We use your sign-up to provide content in ways you’ve consented to and to improve our understanding of you. This may include adverts from us and 3rd parties based on our understanding. You can unsubscribe at any time. More info
Richard, now 51, likened it to being an alcoholic or drug addict but while it was possible to give up booze and drugs, food was necessary for life. It is a battle he still struggles with, but added: “I certainly have no shame about it now.” He also told Radio 4’s Desert Island Discs how his mum Brenda, a retired primary school teacher, was terrified he would be sued for libel when he was inspired by her retirement village and its residents to write his first novel The Thursday Murder Club.
He recalled how she quickly flipped through the novel to “legal” it before reading it more slowly and “loved it”. It would become the third best-selling hardback of all time.
The Cambridge graduate has opened up on Desert Island Discs told Lauren Laverne that despite having a successful career in TV and two children, he felt “directionless” and sought therapy, including for his food addiction. He said while it may not have the “doomed glamour of drugs or alcohol”, the addiction is identical.
He said: “The secrecy of consuming these things, the shame behind it. And food is a tricky one because booze and drugs you can give up, unbelievably difficult, but a zero tolerance policy. But if you’re addicted to food you do still have to have it, so it’s a hard one to work your way out of. There has not been a day in my life since the age of nine when I’ve not thought about the problems with food and how it affects me. It’ll be with me for the rest of my life.”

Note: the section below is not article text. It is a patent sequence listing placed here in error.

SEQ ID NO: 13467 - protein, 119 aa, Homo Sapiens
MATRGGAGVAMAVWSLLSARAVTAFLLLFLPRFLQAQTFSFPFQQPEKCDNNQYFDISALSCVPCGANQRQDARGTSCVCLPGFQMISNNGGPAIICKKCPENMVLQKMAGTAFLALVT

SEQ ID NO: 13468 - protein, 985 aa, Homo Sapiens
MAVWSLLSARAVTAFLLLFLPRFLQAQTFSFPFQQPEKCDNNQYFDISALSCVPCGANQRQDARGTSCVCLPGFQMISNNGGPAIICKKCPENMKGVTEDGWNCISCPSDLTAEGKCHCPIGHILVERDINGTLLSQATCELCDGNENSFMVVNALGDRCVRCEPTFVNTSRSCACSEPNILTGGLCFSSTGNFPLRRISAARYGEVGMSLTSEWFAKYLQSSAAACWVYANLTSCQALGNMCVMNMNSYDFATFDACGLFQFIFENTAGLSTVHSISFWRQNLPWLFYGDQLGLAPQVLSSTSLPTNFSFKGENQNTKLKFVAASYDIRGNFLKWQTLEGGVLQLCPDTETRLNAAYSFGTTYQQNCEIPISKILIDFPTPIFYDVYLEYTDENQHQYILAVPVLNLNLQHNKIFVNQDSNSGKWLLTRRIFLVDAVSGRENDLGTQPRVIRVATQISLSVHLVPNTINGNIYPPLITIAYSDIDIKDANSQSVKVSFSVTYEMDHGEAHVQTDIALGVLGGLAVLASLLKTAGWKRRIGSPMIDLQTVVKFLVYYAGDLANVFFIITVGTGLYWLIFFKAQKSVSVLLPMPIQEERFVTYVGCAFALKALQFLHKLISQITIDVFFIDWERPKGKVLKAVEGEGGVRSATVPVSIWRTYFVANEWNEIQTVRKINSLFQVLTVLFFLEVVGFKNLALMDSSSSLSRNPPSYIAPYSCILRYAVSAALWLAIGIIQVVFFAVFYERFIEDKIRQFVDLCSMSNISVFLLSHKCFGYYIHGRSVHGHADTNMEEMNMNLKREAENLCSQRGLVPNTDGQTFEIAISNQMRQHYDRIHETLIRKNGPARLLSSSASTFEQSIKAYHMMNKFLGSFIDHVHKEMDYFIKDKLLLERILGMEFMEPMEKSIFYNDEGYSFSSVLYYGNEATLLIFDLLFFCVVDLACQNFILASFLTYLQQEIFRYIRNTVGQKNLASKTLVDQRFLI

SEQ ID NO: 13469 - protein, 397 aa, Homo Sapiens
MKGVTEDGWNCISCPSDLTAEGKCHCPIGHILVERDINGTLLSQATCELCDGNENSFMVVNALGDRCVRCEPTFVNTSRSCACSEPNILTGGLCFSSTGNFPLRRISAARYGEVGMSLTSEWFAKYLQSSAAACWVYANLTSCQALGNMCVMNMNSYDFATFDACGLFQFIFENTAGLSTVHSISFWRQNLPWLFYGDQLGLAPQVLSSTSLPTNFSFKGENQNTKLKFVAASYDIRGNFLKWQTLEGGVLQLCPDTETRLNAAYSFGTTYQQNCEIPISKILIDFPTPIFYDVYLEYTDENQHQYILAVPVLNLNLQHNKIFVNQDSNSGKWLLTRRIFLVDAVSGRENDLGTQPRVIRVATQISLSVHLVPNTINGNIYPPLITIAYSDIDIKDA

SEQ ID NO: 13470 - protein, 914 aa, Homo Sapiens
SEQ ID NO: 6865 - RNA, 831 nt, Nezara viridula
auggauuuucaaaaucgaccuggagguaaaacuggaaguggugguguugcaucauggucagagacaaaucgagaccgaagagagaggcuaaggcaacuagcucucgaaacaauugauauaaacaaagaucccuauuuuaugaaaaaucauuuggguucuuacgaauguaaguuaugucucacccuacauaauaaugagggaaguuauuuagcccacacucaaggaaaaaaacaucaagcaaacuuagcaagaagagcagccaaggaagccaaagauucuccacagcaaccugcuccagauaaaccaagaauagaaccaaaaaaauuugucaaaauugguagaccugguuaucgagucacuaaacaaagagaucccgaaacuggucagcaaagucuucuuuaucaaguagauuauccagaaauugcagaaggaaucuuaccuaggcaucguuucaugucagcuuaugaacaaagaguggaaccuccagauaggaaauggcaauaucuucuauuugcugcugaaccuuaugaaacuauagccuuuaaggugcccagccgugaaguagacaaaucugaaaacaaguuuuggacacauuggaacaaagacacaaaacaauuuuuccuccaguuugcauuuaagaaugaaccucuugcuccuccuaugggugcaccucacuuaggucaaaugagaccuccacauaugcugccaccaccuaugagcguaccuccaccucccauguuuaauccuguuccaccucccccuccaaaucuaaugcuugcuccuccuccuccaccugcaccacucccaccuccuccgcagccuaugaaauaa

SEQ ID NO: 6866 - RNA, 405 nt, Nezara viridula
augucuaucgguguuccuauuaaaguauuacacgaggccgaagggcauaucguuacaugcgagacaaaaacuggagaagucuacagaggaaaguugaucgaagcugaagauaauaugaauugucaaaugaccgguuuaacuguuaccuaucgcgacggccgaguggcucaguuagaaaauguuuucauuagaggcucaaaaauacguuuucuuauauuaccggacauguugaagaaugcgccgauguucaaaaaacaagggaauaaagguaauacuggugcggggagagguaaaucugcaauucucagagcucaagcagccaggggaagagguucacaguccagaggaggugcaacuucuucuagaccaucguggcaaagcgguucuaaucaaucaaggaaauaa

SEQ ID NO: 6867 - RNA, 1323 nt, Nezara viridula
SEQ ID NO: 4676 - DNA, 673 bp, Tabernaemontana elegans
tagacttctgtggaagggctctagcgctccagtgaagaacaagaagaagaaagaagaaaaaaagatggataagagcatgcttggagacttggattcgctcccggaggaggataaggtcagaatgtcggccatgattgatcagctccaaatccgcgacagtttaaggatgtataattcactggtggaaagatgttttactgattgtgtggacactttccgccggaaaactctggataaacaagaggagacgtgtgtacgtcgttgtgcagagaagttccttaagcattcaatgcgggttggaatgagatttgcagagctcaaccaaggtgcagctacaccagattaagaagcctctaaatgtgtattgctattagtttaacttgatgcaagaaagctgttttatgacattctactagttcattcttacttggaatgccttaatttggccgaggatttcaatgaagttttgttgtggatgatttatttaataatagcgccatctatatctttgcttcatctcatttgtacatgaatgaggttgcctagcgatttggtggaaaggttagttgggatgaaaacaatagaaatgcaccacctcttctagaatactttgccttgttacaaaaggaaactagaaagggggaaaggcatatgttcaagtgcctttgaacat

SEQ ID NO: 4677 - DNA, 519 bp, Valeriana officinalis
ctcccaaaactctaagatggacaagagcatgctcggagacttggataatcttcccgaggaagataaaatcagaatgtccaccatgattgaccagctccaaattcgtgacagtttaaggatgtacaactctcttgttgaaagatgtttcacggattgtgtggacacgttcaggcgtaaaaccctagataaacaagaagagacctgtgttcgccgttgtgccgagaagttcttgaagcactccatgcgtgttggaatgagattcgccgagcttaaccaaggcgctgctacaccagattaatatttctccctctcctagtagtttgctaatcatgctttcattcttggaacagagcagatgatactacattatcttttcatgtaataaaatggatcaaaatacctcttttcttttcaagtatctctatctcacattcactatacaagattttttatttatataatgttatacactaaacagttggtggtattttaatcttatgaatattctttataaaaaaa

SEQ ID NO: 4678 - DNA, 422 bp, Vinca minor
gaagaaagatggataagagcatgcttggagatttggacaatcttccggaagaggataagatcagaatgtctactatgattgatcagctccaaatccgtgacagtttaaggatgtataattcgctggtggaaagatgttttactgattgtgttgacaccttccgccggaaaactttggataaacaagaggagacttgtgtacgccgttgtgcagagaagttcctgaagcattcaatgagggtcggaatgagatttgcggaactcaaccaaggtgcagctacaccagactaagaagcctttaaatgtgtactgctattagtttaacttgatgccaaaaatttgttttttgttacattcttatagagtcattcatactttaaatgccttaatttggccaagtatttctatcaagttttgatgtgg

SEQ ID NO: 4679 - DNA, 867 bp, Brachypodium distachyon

He said when his parents split up he put up a “front” that he was not worried and did not “need a dad anyway”. It was only when he had a daughter and son of his own in his 20s that he “reconnected” with his father.
But he said he was “beyond grateful” to his mum who single-handedly raised him and his older brother Mat, who co-founded indie group Suede.
He said the favourite thing about his success was being able to buy his mum a home in a Sussex retirement community. And he laughed as he said it “paid off”, inspiring his debut novel.
He said: “Literally the thought, ‘this would be an amazing place for a murder’ came into my mind. Secondly, I thought I’m surrounded by people with incredible skills – we have got ourselves a gang and they can solve it. It’s like the A-team but everyone’s over 70.They’ve done these extraordinary things yet they’re invisible because of the way we treat older people.”
His career in front of the camera may have taken off since co-hosting Pointless, but he admitted he still feels “a fraud” in front of an audience. But he also said he is “now in a place where I want to be” and his children and new partner Dr Who actress Ingrid Oliver bring him “happiness.”
Desert Island Discs, Radio 4, 11am
Source: Read Full Article